When it comes to kitchen sinks, faucets and water accessories, kitchen and bath designers and homeowners all want the best of both worlds. Beautiful yet functional, traditional yet modern, personalized yet professional, the trends in this category are as diverse as the two "Best of Both Worlds" hit songs (one by rockers Van Halen, the other by pop princess Hannah Montana).
The growing trend toward flexibility in kitchen appliances is increasingly evident in the water center as well, with consumers seeking personalized configurations that suit their needs, whether they be for a water purification system, instant hot/cold water dispenser, pull-out faucet or unusual sink shape or configuration.
"The ability to have a kitchen that is both functional and beautiful is not so much a trend these days as it is an expectation," says Judd Lord, industrial director of design, Delta Faucet Co. in Indianapolis, IN. "Customized kitchens, much like those found in commercial spaces or custom homes, are more accessible for homeowners of all categories based on increased product offerings from many manufacturers and smarter product design."
He notes that designers at Delta Faucet have noticed a trend shift toward blending architectures and finishes outside "category" lines in the kitchen segment.
"The merging of traditional styles with modern influences is a red hot trend in the design industry in 2011," says Lord. "Today's consumer is looking for the charm and character of older homes with the upgrades, technologies and conveniences of a modern home."
Personalization is definitely a hot trend, agrees Christy Emens, marketing communications specialist for Blanco, in Lumberton, NJ.
"Homeowners realize that ‘anything goes' in home décor, and their eclectic styles can differ to their hearts desire," says Ed Detgen, v.p./marketing for Danze, in Woodridge, IL.
While the trend toward greater simplicity may have toned down the trend toward highly commercial-looking products at least somewhat, there's still plenty of demand for high-quality professional-style products, according to manufacturers.
"With the fusion of everything from food styles at restaurants to personal style, homeowners want their homes to be a reflection of their individuality," explains Ann Rottinghaus, marketing communications manager for Elkay sinks + faucets, in Oak Brook, IL. "Many homeowners not only select items for their kitchen based on style, but they want to ensure they are getting a high-quality, durable product that will stand the test of time. It is one reason why professional-grade products gained popularity in the home."
While some believe that there is a movement away from professional-style kitchens, Rottinghaus has noticed a different trend. "One trend we see changing slightly is the scale of some of the professional-style kitchens. With home sizes continuing to shrink, many homeowners are looking for products that may be slightly smaller in scale to match with the overall scale of their home," she says.
"Right Sizing" is the new buzzword, according to Diana Schrage, interior designer at the Kohler Design Center, in Kohler, WI. "It applies to all areas, from selecting your products to choosing your pets," she says. "[Consumers are asking themselves] realistic questions like, ‘How do we really live?' and ‘What do we really need?' and this is helping them feel good about their selections."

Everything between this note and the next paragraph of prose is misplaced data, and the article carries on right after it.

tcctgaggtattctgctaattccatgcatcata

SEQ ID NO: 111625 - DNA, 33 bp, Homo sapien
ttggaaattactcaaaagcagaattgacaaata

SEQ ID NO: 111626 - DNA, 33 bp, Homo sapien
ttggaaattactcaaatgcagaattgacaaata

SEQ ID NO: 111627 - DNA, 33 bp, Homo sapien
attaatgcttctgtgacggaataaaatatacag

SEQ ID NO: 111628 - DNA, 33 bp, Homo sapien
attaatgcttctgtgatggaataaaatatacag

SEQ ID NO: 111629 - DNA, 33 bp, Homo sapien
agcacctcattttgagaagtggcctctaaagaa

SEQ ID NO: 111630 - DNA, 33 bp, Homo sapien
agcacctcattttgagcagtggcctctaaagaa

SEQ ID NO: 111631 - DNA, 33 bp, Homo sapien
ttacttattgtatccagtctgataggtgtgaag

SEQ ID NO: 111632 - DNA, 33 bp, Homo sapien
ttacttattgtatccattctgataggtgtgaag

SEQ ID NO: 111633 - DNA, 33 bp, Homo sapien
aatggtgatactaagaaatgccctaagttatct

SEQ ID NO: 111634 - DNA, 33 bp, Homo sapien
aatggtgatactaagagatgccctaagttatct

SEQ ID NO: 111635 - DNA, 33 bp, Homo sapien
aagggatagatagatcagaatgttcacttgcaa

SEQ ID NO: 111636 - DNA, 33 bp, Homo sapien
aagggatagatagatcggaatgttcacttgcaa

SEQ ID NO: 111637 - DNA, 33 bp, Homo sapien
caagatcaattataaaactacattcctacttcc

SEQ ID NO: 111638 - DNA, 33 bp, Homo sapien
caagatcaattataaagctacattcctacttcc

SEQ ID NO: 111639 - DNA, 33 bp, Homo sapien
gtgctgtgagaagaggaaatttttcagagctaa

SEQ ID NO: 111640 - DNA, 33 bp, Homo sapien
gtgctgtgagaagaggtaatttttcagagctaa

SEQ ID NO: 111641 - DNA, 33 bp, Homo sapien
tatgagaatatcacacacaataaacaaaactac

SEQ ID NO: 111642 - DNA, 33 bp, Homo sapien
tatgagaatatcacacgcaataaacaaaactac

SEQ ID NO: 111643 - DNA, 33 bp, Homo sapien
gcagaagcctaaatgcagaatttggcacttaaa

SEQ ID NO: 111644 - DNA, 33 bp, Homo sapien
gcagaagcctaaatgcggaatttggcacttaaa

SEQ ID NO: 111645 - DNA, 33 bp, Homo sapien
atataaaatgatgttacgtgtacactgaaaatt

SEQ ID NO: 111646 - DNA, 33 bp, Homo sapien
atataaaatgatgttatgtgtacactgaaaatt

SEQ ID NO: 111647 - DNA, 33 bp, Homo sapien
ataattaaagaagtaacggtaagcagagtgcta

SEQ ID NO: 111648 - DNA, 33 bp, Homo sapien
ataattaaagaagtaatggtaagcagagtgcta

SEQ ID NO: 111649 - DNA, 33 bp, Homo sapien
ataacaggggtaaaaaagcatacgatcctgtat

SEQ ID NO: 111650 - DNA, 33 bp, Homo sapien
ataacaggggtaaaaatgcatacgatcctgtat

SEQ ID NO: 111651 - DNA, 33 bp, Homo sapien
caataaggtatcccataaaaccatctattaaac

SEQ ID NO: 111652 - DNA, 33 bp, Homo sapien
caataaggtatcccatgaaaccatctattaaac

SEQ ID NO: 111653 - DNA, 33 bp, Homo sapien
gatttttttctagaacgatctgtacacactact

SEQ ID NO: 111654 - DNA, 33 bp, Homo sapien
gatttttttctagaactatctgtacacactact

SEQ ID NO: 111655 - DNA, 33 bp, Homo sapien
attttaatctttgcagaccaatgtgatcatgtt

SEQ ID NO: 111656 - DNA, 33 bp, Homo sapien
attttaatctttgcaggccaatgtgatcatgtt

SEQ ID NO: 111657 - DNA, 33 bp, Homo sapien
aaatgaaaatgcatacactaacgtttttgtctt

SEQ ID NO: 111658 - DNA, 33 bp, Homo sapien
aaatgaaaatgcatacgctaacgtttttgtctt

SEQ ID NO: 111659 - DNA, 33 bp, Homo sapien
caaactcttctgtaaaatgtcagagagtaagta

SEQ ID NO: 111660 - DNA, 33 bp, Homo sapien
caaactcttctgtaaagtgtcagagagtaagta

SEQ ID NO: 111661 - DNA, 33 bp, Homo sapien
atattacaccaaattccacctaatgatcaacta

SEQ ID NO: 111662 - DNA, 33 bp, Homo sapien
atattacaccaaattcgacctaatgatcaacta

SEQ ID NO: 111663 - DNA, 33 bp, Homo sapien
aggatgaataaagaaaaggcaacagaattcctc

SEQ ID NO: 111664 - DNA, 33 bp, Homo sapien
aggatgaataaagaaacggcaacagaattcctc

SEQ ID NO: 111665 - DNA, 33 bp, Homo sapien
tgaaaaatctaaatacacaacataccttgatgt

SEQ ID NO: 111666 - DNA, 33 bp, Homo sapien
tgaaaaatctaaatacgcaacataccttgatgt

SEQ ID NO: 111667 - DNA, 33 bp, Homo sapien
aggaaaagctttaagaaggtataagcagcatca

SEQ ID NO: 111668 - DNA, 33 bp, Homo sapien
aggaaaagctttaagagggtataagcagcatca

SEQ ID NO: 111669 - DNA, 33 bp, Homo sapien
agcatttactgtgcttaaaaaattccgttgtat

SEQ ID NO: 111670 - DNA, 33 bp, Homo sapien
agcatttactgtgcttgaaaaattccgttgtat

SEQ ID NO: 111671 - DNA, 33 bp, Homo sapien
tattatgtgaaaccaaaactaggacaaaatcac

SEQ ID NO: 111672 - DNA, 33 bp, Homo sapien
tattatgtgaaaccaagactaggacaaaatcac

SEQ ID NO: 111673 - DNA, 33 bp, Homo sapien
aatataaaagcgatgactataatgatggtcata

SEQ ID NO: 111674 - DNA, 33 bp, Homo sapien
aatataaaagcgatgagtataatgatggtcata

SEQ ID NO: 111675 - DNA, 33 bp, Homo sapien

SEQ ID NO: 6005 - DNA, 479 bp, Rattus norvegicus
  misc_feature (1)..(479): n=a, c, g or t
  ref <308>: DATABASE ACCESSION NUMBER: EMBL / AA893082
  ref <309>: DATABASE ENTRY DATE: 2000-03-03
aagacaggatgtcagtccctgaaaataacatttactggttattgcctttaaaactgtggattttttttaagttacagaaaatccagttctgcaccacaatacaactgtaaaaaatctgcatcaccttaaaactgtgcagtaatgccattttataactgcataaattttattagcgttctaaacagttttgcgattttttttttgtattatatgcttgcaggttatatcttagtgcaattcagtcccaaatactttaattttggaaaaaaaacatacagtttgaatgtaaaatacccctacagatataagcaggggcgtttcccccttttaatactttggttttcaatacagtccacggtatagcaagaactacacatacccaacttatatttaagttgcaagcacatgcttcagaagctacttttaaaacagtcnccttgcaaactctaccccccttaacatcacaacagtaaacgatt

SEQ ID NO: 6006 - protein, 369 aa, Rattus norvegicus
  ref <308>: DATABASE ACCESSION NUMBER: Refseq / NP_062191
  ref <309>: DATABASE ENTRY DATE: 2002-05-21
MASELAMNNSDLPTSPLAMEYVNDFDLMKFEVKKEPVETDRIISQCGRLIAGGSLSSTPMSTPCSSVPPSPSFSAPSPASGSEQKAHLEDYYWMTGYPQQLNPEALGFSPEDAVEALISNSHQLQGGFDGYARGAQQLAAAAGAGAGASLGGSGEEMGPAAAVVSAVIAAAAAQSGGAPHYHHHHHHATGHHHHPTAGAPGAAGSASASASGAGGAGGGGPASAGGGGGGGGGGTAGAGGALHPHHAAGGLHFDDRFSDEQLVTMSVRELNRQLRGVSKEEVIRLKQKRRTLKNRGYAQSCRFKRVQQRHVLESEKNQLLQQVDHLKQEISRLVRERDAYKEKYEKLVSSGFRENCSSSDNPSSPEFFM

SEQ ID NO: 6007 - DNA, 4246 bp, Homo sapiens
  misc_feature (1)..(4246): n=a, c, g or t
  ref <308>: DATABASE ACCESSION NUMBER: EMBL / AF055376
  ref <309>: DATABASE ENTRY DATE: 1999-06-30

Pulling Out the Stops
A rethinking of the professional-style kitchen is yielding sleeker, simpler, smaller-scale designs when it comes to faucets, many industry insiders agree. However, that doesn't mean sacrificing function, they note.
"You will be seeing more pull-outs hidden into a sleek faucet design," confirms Emens. "The result is a faucet that looks like it could go in any room, not just a kitchen."
Detgen notes that Danze continues to add innovations in pull-out and pull-down functionality, and has added a "pause" feature to many of its faucets. "All push-buttons and faucet heads are being ergonomically designed" for ease of use, he reports.
This is in keeping with several trends, including Universal Design. Awareness of the need for universally designed products has increased dramatically in the past several years, states Schrage. "This awareness has focused attention on many products already in the marketplace whose features and benefits may not have been noticed or appreciated before," she notes.
Because many consumers are choosing to "age in place," product designs need to be inviting, according to Dave Domanski, senior industrial designer for Moen, in North Olmsted, OH. "This not only requires them to be simple to use, but also stylish," he says.
"When it comes to kitchen faucets, this translates into handles that are approachable and communicate their function, as well as forms that are easy to clean."
Among the designs getting a second look with regard to Universal Design are single-lever style and touchless faucets.
However, stresses Domanski, it isn't all about function. "Products aimed at assisting the aging population must maintain a fresh visual appeal and be current with other décor style trends to avoid stigmatizing a person's health and safety needs in the home," he remarks. And that's where finish plays a significant role.
While chrome, stainless and satin nickel are still the most popular, other finishes are also coming into play as homeowners look for items that can personalize their spaces.
Oil-rubbed bronze has captured market share in recent years, doubling its numbers in the past few years, according to Domanski.
Rottinghaus sees trends moving toward more natural and organic finishes, like oil-rubbed bronze and antique copper hammered. "They add a subtle warmth and interest to the kitchen," she offers.
Emens, however, notes that she's seeing a lot less oil-rubbed bronze faucets and more interest in faucets with color accents. Blanco is experiencing early success with its color accent faucets as well. "These are metal faucets with color Silgranit accents that match the sink color," she explains. "They blend in while they stand out." Another plus – they show fewer fingerprints. "If you're staying put, cleanability becomes more and more important."
"We are noticing increasing popularity of solid black finish faucets," adds Joseph Hutko, marketing manager for Everpure, in Milwaukee, WI.